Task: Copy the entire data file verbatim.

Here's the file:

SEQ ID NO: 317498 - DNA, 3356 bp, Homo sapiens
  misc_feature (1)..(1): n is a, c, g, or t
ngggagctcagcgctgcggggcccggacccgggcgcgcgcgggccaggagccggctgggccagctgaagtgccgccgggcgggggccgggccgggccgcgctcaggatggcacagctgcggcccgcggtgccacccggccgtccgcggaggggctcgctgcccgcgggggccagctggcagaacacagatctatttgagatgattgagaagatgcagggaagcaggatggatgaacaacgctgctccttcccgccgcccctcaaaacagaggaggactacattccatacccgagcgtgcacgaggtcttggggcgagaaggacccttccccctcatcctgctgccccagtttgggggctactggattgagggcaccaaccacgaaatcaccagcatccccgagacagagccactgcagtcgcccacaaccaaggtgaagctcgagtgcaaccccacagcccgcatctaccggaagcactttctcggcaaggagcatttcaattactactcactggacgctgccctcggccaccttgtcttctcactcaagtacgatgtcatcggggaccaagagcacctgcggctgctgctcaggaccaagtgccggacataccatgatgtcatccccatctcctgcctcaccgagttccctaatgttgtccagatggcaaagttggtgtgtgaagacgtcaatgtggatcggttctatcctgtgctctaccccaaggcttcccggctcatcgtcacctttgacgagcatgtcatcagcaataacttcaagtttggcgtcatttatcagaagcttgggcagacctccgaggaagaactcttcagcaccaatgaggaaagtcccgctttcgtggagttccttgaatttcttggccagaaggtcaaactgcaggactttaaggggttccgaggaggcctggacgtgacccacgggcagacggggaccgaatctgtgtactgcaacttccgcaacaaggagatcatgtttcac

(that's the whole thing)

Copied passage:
SEQ ID NO: 317498 - DNA, 3356 bp, Homo sapiens
  misc_feature (1)..(1): n is a, c, g, or t
ngggagctcagcgctgcggggcccggacccgggcgcgcgcgggccaggagccggctgggccagctgaagtgccgccgggcgggggccgggccgggccgcgctcaggatggcacagctgcggcccgcggtgccacccggccgtccgcggaggggctcgctgcccgcgggggccagctggcagaacacagatctatttgagatgattgagaagatgcagggaagcaggatggatgaacaacgctgctccttcccgccgcccctcaaaacagaggaggactacattccatacccgagcgtgcacgaggtcttggggcgagaaggacccttccccctcatcctgctgccccagtttgggggctactggattgagggcaccaaccacgaaatcaccagcatccccgagacagagccactgcagtcgcccacaaccaaggtgaagctcgagtgcaaccccacagcccgcatctaccggaagcactttctcggcaaggagcatttcaattactactcactggacgctgccctcggccaccttgtcttctcactcaagtacgatgtcatcggggaccaagagcacctgcggctgctgctcaggaccaagtgccggacataccatgatgtcatccccatctcctgcctcaccgagttccctaatgttgtccagatggcaaagttggtgtgtgaagacgtcaatgtggatcggttctatcctgtgctctaccccaaggcttcccggctcatcgtcacctttgacgagcatgtcatcagcaataacttcaagtttggcgtcatttatcagaagcttgggcagacctccgaggaagaactcttcagcaccaatgaggaaagtcccgctttcgtggagttccttgaatttcttggccagaaggtcaaactgcaggactttaaggggttccgaggaggcctggacgtgacccacgggcagacggggaccgaatctgtgtactgcaacttccgcaacaaggagatcatgtttcac